I am confused about using the word 'so'. Here is an example.

I had a fever so I did not go to work.

Question is, in the above sentence, do I really need a comma before 'so'?


2 Answers 2


Yes. "So" is separating two sentences that could stand on their own. It would be more correct to write, "Because I had a fever, I did not go to work."


Yes, you need to use a comma before “so” when it’s acting as a conjunction to bring two independent clauses together.

You can find more information on Writer Domain here. Using that website as a reference, I created two examples for you.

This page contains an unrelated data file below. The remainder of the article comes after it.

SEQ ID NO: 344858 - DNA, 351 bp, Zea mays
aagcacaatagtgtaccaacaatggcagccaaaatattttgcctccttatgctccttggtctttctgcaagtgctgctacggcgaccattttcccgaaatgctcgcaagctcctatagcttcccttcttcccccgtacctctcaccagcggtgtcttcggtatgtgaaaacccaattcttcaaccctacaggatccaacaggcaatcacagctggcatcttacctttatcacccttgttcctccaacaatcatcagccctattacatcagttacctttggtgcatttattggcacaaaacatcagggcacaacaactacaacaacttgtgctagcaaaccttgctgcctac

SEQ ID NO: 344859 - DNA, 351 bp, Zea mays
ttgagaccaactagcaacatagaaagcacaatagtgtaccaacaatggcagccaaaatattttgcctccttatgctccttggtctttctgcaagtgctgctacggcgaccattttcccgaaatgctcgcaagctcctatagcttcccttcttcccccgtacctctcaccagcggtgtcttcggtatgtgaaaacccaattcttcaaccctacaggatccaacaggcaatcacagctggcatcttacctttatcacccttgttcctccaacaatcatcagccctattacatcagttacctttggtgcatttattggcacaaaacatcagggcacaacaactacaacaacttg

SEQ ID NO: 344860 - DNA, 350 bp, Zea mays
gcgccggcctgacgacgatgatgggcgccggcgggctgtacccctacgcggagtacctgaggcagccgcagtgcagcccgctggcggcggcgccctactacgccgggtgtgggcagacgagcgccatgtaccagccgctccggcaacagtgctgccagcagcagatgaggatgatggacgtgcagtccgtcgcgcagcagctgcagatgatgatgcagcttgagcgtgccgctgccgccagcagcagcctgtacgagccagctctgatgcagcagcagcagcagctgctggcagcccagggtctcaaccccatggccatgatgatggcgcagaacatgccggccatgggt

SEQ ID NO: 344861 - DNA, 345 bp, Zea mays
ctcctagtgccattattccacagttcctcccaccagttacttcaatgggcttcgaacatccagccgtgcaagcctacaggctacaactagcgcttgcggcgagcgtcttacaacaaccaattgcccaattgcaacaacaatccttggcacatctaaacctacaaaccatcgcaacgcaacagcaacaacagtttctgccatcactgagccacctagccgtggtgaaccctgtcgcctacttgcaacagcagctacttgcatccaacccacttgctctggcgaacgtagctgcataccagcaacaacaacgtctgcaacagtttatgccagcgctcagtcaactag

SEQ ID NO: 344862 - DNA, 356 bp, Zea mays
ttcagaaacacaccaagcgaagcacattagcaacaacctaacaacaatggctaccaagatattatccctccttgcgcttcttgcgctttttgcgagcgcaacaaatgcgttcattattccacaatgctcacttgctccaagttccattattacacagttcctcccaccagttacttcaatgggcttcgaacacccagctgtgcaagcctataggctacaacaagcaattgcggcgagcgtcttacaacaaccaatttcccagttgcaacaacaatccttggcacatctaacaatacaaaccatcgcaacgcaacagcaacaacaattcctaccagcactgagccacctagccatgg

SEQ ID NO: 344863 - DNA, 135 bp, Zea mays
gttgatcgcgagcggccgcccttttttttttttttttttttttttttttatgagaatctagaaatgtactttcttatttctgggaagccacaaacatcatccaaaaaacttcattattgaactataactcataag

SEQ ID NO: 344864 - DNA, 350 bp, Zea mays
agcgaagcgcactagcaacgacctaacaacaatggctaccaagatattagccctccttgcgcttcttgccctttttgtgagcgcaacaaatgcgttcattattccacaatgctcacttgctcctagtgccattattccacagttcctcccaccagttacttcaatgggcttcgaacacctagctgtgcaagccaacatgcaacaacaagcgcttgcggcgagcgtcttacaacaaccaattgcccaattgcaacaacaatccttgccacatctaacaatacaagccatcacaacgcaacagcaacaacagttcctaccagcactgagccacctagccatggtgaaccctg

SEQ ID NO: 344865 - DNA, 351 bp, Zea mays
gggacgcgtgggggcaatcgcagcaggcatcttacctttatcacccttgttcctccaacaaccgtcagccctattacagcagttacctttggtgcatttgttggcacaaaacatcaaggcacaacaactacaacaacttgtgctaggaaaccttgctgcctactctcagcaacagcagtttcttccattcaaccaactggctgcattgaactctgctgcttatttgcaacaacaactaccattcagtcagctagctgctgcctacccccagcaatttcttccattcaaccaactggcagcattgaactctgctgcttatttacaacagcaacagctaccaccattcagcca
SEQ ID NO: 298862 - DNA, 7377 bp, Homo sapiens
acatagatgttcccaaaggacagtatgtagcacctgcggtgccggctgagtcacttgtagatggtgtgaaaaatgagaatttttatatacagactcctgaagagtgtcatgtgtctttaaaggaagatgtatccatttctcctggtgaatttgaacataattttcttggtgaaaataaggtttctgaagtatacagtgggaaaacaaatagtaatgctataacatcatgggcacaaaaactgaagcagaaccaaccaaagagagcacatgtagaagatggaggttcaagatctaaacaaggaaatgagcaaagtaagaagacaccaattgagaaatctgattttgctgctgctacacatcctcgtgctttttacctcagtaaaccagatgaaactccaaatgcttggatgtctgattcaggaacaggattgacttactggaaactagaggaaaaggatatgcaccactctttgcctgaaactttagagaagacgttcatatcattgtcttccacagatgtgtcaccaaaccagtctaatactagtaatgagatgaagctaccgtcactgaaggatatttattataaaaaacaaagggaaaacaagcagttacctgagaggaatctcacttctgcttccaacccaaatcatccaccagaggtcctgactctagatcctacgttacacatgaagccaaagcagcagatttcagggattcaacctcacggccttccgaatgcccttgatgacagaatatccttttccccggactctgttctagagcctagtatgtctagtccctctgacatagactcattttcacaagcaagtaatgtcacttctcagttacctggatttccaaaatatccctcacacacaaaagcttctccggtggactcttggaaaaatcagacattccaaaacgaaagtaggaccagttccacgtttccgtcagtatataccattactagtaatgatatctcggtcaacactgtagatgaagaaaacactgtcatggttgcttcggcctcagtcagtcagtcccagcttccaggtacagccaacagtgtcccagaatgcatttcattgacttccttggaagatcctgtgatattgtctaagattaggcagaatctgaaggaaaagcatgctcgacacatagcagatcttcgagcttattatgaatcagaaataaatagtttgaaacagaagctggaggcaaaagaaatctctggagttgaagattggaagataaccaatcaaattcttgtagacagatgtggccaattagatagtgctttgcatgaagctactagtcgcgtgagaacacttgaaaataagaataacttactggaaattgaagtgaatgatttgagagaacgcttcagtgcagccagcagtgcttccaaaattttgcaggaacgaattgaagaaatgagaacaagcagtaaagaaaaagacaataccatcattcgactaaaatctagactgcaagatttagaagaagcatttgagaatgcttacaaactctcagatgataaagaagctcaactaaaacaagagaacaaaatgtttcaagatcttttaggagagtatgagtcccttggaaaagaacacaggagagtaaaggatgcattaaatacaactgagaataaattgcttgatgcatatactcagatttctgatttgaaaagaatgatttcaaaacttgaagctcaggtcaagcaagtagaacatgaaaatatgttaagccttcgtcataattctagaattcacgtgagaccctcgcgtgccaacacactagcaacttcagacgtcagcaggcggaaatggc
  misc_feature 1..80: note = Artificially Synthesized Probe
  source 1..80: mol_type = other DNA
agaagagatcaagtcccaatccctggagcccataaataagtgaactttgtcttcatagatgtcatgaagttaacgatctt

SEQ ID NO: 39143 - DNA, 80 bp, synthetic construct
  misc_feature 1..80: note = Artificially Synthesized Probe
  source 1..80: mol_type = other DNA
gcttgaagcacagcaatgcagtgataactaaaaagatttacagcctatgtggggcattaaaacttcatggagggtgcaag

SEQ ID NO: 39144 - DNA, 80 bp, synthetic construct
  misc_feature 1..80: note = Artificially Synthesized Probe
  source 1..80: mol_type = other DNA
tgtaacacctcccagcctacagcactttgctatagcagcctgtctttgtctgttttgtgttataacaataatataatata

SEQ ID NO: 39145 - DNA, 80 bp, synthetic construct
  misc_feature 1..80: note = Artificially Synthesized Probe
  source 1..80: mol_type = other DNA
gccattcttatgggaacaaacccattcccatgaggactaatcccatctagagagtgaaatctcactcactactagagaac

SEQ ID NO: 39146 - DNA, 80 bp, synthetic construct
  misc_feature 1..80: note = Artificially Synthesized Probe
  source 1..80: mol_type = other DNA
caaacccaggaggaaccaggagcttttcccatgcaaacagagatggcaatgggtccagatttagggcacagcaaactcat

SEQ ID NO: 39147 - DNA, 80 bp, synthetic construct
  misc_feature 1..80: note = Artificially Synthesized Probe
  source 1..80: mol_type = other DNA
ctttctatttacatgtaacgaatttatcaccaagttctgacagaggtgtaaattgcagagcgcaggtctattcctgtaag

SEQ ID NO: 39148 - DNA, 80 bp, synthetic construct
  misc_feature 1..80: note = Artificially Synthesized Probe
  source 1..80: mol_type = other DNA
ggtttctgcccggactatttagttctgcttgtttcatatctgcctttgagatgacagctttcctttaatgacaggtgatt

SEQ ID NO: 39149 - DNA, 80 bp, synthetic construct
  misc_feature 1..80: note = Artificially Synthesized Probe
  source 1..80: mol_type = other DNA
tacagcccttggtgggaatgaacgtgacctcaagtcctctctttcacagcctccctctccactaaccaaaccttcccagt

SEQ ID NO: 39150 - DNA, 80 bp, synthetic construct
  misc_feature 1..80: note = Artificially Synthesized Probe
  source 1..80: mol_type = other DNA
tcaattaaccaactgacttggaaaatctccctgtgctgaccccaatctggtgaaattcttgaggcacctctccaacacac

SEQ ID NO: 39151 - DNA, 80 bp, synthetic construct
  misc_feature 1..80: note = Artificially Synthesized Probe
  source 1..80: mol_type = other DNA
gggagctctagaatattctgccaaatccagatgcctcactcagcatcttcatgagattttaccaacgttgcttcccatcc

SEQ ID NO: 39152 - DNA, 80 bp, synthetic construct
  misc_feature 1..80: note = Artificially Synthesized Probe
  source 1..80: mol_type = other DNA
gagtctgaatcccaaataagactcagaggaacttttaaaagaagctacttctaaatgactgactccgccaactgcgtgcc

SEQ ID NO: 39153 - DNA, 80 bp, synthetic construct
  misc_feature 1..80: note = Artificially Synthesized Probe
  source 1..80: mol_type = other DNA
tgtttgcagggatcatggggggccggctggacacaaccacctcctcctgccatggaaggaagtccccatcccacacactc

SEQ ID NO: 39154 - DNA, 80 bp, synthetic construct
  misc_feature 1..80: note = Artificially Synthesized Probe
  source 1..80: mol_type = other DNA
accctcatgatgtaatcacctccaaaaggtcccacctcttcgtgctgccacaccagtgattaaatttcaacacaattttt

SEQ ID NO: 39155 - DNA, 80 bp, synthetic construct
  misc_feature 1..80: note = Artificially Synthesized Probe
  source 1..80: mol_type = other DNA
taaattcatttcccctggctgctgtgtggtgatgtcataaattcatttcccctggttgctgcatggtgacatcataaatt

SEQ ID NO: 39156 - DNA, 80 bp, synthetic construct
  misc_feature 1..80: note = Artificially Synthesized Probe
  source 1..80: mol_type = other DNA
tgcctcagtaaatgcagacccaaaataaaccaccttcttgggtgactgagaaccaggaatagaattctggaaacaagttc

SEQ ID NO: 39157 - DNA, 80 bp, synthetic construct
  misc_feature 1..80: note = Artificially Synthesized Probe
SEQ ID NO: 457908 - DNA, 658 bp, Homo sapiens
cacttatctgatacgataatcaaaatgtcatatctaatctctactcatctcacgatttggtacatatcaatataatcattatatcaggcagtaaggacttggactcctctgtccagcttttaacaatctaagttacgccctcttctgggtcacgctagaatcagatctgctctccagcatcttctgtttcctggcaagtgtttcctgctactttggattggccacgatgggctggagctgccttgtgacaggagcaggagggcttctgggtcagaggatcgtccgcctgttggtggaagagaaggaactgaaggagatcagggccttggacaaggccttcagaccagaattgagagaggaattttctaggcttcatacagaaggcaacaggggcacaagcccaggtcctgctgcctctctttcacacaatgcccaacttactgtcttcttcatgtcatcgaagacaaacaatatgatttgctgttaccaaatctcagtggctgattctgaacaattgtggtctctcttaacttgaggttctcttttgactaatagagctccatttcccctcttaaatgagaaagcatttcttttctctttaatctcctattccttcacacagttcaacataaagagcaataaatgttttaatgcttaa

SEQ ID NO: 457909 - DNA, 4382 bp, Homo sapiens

The principal was sick, so he called out. — Independent, comma is needed.

The principal pretended to be sick so he wouldn’t have to go to work. — Dependent, no comma is needed.

  • If you copied and pasted this information from somewhere you need to make it clear and put quoted words in block quotes.
    – Eddie Kal
    Jan 14, 2021 at 23:38
  • Please stop using flags as an expedient to reply to my comments. If you'd like to respond, just leave a comment. You claim in your flag that these are your own words; then how do you explain this: "a comma is needed before “so” when it’s acting as a conjunction"
    – Eddie Kal
    Jan 14, 2021 at 23:56
  • My apologies, I did not know I had the permissions to leave a comment. I have updated my answer to include the source material.
    – FZerofan
    Jan 15, 2021 at 0:03

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